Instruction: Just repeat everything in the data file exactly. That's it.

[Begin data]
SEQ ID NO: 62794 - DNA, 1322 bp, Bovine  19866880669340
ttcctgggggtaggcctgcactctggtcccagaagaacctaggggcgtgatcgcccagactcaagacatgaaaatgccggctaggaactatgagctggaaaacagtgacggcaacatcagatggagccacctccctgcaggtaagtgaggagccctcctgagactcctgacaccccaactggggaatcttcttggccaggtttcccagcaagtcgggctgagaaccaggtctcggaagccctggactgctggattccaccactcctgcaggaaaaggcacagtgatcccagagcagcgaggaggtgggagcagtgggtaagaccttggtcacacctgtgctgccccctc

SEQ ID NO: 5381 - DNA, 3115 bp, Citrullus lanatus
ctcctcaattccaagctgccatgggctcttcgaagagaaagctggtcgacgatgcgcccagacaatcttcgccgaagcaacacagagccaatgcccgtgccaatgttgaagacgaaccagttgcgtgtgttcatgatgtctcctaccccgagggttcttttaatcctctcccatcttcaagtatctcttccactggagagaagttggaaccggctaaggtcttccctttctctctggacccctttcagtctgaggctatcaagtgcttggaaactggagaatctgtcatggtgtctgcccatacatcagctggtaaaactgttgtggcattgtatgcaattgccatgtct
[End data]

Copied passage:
SEQ ID NO: 62794 - DNA, 1322 bp, Bovine  19866880669340
ttcctgggggtaggcctgcactctggtcccagaagaacctaggggcgtgatcgcccagactcaagacatgaaaatgccggctaggaactatgagctggaaaacagtgacggcaacatcagatggagccacctccctgcaggtaagtgaggagccctcctgagactcctgacaccccaactggggaatcttcttggccaggtttcccagcaagtcgggctgagaaccaggtctcggaagccctggactgctggattccaccactcctgcaggaaaaggcacagtgatcccagagcagcgaggaggtgggagcagtgggtaagaccttggtcacacctgtgctgccccctc

SEQ ID NO: 5381 - DNA, 3115 bp, Citrullus lanatus
ctcctcaattccaagctgccatgggctcttcgaagagaaagctggtcgacgatgcgcccagacaatcttcgccgaagcaacacagagccaatgcccgtgccaatgttgaagacgaaccagttgcgtgtgttcatgatgtctcctaccccgagggttcttttaatcctctcccatcttcaagtatctcttccactggagagaagttggaaccggctaaggtcttccctttctctctggacccctttcagtctgaggctatcaagtgcttggaaactggagaatctgtcatggtgtctgcccatacatcagctggtaaaactgttgtggcattgtatgcaattgccatgtct